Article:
22 August 2022 – The US stock market is up 15% since mid-June despite challenges in the capital markets. And nickel futures in Asia are up more than 5% in some cases today. Indonesian nickel tax and concerns about shortages in raw material reserves drive price.
US stock market, up about 15% since mid-June
Even though investors may currently perceive the situation on the capital markets and in the US economy as contradictory, according to analyses by Deutsche Bank, the US stock market is up about 15% since mid-June.
US economy should continue to grow
A model of the Fed in Atlanta assumes that the US economy will grow by 1.6% in the third quarter compared to the previous year. Further signs of economic stabilization could give the stock market a boost in the short term. The recovery of the US stock market, which has been ongoing for a good two months, could continue against the backdrop of stabilizing growth, falling real yields and declining consumer price inflation rates, according to Deutsche Bank.
Nickel futures continue to rise
Nickel futures on the Asian Commodity Exchange SHFE rose again on Monday. Individual contracts went up by more than 5%. The most frequently traded nickel contract Ni2209 rose by more than 4.5%. This puts the contract more than 30% above its September 2021 level, indicating a steady rise in nickel prices despite some volatility.
Indonesia wants to keep raw material in the country
With its planned nickel tax, the Indonesian government is currently contributing to a further increase in the price of the important raw material for stainless steel and EV batteries.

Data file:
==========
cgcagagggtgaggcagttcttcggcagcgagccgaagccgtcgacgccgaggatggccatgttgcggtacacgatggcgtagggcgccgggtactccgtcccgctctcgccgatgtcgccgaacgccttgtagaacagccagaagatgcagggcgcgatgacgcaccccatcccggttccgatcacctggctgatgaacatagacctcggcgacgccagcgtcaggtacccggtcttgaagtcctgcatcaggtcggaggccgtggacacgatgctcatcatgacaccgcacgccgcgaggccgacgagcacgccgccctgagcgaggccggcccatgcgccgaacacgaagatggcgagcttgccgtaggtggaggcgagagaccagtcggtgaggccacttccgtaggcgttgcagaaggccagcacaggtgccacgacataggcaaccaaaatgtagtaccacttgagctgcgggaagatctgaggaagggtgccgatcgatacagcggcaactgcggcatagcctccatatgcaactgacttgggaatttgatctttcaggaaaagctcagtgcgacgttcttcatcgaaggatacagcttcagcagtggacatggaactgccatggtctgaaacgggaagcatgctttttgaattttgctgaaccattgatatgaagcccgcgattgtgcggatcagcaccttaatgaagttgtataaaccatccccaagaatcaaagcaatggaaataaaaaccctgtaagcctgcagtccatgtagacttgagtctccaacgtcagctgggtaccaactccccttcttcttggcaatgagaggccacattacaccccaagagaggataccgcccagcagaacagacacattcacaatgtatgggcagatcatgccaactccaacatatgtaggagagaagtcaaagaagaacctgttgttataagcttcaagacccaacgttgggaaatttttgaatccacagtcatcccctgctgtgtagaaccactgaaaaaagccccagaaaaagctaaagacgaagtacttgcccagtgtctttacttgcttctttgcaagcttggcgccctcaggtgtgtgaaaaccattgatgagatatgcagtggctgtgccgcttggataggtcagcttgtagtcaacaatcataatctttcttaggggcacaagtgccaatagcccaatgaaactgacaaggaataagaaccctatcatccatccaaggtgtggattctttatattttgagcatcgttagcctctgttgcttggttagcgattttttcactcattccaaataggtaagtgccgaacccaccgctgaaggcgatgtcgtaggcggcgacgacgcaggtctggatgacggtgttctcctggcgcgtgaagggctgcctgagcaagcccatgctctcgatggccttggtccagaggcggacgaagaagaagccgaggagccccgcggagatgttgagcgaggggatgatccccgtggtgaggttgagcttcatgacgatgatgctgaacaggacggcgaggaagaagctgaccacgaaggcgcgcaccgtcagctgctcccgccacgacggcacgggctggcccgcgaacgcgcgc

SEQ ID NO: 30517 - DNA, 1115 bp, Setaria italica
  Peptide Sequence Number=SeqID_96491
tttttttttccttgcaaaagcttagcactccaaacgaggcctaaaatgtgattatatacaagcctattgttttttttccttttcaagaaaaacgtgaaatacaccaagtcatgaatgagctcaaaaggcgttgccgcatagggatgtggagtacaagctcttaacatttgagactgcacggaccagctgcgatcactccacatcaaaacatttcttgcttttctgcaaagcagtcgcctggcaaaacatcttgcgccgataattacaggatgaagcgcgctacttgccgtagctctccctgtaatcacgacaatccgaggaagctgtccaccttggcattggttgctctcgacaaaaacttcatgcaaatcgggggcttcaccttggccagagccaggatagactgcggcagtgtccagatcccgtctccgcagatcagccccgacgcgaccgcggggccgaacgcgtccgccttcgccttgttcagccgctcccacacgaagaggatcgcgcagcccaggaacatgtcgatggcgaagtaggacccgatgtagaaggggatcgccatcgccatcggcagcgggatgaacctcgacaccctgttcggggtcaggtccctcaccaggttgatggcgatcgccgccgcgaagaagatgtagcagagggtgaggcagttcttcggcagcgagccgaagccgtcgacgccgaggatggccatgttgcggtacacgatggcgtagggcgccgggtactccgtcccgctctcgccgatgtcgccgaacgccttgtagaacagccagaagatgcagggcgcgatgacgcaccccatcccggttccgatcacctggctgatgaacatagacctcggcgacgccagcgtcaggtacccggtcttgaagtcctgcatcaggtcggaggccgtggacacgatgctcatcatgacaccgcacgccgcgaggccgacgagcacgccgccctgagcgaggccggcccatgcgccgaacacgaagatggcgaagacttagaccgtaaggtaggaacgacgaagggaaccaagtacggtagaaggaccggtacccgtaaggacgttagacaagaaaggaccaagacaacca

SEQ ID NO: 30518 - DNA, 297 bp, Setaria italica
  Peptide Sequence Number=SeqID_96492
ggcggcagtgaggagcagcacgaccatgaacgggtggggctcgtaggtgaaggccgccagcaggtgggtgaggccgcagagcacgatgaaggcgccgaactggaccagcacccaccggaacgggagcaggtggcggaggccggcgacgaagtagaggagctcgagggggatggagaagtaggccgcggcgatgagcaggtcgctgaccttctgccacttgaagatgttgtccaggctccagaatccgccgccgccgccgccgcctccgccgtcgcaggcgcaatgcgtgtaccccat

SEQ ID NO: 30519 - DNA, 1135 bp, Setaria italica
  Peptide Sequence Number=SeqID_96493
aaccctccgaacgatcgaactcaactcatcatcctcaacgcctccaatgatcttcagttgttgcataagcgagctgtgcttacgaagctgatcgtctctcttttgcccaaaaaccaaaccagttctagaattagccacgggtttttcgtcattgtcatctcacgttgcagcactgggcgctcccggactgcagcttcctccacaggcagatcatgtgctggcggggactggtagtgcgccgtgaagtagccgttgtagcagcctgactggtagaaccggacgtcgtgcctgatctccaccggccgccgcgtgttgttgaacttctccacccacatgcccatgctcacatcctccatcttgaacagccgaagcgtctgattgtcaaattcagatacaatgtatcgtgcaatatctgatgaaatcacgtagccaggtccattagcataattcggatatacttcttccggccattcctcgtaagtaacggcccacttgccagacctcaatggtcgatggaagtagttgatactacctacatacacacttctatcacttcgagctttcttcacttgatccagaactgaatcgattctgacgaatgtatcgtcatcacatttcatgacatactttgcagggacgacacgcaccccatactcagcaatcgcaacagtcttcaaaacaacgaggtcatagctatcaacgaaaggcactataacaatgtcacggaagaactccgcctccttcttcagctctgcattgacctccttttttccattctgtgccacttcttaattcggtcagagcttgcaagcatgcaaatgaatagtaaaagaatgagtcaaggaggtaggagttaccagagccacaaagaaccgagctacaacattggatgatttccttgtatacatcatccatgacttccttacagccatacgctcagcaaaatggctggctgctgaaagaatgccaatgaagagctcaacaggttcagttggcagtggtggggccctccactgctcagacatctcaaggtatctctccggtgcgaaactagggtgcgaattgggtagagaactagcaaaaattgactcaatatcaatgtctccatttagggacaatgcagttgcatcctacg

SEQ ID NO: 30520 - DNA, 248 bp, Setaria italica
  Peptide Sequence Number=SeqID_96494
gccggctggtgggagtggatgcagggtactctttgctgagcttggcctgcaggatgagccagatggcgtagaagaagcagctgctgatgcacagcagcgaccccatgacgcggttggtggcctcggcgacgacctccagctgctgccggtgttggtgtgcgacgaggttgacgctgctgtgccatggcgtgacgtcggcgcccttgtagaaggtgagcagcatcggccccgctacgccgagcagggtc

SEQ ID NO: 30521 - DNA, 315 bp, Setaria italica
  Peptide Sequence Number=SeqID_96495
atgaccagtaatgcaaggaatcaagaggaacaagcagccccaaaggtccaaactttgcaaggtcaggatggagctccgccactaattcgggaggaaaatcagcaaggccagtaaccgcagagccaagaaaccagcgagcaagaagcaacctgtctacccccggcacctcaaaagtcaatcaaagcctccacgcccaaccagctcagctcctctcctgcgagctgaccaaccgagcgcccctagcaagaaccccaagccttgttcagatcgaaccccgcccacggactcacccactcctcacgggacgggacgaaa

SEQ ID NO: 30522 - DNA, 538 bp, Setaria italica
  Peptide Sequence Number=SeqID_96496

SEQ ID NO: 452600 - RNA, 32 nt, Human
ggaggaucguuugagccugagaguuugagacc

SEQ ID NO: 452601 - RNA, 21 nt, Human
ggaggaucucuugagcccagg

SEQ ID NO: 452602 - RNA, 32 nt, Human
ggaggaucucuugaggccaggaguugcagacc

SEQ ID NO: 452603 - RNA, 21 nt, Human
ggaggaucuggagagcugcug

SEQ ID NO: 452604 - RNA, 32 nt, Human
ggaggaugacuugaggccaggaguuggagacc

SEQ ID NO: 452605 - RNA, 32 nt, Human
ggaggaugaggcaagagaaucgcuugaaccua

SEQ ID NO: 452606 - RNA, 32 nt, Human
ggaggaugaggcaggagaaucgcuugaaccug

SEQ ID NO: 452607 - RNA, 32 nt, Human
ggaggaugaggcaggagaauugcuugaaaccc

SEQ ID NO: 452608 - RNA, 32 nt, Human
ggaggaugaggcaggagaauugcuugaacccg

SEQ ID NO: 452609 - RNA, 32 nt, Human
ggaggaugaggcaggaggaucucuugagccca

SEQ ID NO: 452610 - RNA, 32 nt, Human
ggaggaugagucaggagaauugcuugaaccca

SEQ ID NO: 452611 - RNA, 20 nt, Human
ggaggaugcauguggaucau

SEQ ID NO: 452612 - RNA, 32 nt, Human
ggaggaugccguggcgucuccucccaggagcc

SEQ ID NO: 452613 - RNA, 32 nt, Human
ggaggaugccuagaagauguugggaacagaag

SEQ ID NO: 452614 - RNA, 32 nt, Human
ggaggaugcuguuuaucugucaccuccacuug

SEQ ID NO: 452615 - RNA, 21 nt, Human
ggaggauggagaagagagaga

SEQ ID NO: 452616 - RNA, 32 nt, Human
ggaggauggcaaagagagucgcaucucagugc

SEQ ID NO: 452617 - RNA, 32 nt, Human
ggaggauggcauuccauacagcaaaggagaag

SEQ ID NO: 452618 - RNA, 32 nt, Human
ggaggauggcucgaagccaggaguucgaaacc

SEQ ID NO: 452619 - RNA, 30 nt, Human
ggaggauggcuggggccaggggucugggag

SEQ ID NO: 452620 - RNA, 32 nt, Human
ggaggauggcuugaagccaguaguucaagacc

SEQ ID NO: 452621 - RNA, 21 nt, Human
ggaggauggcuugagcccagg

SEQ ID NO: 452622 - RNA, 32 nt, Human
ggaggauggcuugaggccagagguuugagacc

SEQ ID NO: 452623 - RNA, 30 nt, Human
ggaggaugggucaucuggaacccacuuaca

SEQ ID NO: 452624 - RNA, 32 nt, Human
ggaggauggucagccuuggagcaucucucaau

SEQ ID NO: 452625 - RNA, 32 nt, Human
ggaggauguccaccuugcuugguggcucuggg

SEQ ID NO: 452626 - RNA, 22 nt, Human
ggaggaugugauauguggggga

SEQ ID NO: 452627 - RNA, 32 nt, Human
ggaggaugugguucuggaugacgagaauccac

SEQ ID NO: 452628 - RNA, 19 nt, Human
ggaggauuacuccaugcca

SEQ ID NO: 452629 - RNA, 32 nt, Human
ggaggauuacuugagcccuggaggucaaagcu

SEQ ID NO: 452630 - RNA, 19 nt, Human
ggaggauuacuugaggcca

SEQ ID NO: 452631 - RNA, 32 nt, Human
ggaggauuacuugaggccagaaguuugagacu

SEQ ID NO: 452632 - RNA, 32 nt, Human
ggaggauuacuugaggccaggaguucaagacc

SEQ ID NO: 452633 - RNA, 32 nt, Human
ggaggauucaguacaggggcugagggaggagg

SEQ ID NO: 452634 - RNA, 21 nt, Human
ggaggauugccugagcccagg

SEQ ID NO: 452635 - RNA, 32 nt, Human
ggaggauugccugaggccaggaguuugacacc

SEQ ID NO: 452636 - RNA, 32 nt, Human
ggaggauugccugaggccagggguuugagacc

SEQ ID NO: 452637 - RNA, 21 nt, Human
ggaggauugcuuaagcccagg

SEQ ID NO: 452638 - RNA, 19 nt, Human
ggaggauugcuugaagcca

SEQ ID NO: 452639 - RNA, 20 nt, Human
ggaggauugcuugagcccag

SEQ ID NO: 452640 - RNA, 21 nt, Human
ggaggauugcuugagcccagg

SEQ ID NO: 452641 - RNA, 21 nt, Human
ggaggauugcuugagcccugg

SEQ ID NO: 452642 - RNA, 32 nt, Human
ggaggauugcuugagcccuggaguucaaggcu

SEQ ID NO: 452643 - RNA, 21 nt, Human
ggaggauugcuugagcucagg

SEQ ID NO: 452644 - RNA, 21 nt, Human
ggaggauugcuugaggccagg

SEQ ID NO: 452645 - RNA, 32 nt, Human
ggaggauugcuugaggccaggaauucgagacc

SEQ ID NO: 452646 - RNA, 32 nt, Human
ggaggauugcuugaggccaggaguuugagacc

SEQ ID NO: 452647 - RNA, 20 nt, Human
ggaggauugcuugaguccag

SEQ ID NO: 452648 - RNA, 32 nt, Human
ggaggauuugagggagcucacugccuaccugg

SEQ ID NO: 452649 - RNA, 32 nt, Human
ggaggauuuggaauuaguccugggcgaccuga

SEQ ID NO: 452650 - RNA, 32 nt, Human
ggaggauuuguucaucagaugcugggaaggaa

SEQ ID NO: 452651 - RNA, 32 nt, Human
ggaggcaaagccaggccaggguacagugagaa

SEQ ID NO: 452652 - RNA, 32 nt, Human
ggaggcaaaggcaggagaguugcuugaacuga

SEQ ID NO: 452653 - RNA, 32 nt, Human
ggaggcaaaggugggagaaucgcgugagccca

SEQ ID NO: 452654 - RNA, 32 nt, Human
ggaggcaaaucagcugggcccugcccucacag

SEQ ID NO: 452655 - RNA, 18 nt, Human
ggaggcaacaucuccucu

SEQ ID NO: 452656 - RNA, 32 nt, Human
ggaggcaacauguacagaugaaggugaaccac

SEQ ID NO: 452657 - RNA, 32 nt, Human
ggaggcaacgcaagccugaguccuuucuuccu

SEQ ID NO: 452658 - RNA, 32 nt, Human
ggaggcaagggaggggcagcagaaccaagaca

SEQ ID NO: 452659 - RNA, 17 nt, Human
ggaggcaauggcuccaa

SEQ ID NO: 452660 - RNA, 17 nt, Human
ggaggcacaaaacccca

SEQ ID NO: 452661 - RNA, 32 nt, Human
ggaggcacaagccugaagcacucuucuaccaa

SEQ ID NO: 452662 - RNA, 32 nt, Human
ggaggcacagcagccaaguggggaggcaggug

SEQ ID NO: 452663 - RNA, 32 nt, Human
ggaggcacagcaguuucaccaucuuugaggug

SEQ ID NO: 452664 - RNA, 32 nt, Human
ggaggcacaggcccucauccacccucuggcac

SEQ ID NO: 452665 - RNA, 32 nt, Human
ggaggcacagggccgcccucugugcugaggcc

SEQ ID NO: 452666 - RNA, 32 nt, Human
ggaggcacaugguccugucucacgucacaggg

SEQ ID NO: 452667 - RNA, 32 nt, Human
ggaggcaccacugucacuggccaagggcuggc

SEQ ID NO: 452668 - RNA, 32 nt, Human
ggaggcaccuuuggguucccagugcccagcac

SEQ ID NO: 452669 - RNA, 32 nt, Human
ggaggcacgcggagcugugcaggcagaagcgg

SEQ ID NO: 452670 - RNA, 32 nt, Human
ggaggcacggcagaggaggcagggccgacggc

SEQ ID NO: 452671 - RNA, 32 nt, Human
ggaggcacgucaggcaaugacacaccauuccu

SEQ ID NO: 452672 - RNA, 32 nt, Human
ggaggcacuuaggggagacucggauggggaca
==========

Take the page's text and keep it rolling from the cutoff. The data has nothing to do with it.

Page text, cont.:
Government concerned about reserves
The government is concerned that the country’s nickel reserves could otherwise be depleted too quickly. Especially while the price is still quite low, and the true value cannot be realized when the demand for electric vehicles, batteries, and other alternative forms of energy increases in the future. For this reason, Indonesia also wants to limit the number of smelters licensed.
Known reserves are limited
The world’s known nickel reserves are finite, mining is becoming increasingly difficult, and the quality of the ores continues to decline.
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Disclaimer: Many things here represent our opinion. Others are information from the Internet. We can therefore never claim to be correct or complete. And never base a business decision solely on the news you receive from us.